So, the question is, will the Shadow have similar human commanders of Trollocs for the Last Battle? If so, then who will these commanders be?
Well, Alviarin certainly seems to be up for a promotion as of COT. A very popular theory at the moment is that both she and Taim are being groomed not just to be Dreadlords, but to be new Forsaken. After all, both of them have shown more competence than some of the original Chosen.
Here are some other possibilities for the new Dreadlords:
[Karl-Johan Norén, Pam Korda]
In [LOC: 46, Beyond the Gate, 580-581], Demira Eriff of the Brown Ajah, a member of the Salidar Embassy, is attacked by a group of men dressed like Aiel. The attack occurs after she's been followed from her inn by the same group of "Aiel." She was going to meet an informant from the Caemlyn Palace, who does not show up at the appointed meeting place. Demira concludes that her informant had not received her message. As she turns to leave, a man on the street leers at her, and she ducks into an alley. The particular alley she goes into is deserted. A bit further along the alley, she runs into the men dressed as Aiel, who stab her with spears. She is severely injured, but not killed.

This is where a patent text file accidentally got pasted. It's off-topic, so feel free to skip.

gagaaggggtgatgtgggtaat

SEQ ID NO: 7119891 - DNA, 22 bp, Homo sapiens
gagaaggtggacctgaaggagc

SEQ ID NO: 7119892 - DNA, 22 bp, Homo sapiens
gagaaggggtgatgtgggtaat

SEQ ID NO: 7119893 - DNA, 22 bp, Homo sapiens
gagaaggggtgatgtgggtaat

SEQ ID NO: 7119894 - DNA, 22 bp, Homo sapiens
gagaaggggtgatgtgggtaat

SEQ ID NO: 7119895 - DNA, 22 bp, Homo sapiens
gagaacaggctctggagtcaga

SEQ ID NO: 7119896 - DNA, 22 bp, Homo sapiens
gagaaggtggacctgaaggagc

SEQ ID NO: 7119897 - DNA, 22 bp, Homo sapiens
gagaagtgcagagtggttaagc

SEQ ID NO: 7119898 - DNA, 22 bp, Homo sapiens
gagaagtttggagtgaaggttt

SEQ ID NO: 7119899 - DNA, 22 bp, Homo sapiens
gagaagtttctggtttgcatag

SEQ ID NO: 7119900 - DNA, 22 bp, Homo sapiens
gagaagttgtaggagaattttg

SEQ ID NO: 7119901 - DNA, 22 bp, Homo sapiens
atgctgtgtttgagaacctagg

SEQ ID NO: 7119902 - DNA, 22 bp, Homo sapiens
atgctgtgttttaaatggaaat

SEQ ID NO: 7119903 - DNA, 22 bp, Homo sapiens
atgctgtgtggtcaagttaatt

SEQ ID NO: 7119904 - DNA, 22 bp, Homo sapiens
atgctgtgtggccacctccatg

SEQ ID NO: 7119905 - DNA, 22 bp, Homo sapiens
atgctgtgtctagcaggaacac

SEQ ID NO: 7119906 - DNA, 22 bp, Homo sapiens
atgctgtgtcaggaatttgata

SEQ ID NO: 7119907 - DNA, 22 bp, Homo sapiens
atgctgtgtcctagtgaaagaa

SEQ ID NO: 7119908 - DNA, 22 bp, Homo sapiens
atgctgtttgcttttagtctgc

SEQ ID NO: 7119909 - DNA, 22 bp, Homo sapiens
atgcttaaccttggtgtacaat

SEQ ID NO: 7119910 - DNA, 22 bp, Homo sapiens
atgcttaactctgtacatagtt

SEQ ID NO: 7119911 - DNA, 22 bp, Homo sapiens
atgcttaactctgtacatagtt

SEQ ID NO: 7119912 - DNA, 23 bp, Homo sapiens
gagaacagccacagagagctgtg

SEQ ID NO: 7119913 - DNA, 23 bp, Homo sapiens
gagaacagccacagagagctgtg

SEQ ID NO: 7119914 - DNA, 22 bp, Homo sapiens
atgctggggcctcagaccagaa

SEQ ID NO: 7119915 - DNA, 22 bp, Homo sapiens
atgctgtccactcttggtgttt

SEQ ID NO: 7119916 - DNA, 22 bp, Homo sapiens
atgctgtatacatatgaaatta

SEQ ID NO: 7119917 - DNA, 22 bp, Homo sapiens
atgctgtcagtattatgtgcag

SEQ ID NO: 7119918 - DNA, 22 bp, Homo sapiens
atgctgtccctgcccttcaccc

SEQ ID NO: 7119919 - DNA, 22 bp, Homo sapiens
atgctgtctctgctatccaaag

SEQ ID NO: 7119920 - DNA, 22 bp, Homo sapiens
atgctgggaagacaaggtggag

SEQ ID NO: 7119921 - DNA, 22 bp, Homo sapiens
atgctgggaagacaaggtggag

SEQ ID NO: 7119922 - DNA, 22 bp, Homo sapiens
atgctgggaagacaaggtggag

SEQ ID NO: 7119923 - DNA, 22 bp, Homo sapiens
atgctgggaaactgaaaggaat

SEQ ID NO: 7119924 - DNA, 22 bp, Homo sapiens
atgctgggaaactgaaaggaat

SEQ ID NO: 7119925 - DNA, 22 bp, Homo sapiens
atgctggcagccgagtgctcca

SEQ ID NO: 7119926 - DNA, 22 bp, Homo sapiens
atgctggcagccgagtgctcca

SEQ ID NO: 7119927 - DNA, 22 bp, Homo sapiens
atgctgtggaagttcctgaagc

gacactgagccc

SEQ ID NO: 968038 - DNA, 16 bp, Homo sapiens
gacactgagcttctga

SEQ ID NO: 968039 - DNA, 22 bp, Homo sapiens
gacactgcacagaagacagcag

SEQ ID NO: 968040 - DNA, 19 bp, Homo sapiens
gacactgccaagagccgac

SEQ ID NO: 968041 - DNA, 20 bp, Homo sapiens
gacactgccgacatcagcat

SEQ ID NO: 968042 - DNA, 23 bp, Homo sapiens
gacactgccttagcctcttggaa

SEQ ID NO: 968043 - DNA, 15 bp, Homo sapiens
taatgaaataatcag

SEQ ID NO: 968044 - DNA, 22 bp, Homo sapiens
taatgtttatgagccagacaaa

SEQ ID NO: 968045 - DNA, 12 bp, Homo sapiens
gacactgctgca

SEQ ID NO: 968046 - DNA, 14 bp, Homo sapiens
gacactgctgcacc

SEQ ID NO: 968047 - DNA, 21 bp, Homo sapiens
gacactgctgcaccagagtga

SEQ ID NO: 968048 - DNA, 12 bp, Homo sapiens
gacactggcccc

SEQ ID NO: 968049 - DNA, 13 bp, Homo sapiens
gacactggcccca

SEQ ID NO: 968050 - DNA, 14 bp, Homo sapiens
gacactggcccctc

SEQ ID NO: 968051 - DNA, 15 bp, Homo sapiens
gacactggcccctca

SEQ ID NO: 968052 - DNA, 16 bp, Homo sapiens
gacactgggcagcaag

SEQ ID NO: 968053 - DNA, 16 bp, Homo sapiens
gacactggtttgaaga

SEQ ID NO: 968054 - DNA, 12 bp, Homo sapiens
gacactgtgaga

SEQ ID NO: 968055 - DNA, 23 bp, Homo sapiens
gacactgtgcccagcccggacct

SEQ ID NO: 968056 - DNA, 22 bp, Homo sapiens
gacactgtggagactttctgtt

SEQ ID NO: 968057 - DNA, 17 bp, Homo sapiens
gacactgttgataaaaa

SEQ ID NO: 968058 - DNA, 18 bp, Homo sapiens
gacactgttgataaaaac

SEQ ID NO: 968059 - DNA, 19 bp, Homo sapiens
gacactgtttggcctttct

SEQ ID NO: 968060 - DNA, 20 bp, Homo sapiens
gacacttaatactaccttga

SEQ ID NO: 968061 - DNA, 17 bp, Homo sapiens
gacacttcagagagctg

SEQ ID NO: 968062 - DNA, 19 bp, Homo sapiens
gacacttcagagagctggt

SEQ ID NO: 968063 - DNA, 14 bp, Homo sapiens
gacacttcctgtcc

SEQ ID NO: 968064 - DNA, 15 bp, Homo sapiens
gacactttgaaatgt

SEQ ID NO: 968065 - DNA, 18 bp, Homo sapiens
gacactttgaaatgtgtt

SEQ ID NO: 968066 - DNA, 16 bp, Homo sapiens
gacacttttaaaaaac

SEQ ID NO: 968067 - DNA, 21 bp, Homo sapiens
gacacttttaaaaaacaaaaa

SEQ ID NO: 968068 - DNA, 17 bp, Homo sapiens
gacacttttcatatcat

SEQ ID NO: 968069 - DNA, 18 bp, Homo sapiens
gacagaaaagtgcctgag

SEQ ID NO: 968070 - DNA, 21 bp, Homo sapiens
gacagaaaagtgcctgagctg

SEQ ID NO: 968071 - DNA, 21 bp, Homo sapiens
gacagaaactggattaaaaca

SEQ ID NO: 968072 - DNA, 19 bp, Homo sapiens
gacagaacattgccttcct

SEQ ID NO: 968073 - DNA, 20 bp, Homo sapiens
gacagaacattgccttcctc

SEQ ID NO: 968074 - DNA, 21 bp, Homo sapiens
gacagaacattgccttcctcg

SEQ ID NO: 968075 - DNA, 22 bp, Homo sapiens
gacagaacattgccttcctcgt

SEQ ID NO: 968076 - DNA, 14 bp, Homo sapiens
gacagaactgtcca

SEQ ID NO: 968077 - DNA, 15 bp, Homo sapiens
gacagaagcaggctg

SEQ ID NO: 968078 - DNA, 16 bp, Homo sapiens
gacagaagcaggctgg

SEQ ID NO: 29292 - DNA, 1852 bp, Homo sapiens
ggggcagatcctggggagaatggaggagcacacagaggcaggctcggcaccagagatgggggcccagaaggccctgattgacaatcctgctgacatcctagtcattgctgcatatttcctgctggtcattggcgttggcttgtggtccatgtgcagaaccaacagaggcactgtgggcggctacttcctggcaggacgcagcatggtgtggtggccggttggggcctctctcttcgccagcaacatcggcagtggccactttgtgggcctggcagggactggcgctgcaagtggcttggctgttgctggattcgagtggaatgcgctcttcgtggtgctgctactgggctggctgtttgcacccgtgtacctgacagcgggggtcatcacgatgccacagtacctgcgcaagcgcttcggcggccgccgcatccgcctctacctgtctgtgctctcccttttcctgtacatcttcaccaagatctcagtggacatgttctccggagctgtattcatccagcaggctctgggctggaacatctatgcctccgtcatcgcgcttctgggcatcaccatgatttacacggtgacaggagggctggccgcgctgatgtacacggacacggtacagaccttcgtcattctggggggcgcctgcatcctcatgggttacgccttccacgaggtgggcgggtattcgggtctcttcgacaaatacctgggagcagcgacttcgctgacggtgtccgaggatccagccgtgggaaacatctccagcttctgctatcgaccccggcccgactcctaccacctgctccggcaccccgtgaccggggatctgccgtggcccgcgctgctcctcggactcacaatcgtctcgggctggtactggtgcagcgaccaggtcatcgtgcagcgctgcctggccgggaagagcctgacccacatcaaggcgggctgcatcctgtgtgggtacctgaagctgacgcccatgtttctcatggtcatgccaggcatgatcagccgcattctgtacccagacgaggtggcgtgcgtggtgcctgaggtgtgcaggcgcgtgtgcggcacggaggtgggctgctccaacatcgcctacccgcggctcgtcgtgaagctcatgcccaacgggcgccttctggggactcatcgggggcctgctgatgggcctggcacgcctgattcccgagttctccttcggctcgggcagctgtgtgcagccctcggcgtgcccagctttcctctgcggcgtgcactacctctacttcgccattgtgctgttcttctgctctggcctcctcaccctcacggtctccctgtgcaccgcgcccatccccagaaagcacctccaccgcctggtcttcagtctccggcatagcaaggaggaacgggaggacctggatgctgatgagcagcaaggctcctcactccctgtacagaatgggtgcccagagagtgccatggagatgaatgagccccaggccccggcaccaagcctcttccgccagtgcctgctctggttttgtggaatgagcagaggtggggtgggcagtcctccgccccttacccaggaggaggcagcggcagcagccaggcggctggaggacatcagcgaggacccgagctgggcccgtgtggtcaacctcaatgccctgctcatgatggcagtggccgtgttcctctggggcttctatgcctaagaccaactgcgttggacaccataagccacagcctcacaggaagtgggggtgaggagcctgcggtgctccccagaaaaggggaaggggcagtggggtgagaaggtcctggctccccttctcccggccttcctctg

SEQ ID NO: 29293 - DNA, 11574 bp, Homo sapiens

In [LOC: 46, Beyond the Gate, 584-586], we learn more about the attack. Right before Demira was attacked, a man came into the inn where the Salidar Embassy was known to be quartered, and "said he had seen Aiel following an Aes Sedai-- he described [Demira] exactly-- and saying they were going to kill her." Demira's Warder ran with another AS to save Demira. Demira remembers that one of her attackers told her, "Tell the other witches to stay away from the Dragon Reborn." This message, along with the fellow at the inn, and the fact that Demira's wounds missed vital organs indicate that Demira was meant to survive, and that the attackers wanted the Salidar AS to believe that Aiel were behind the attack.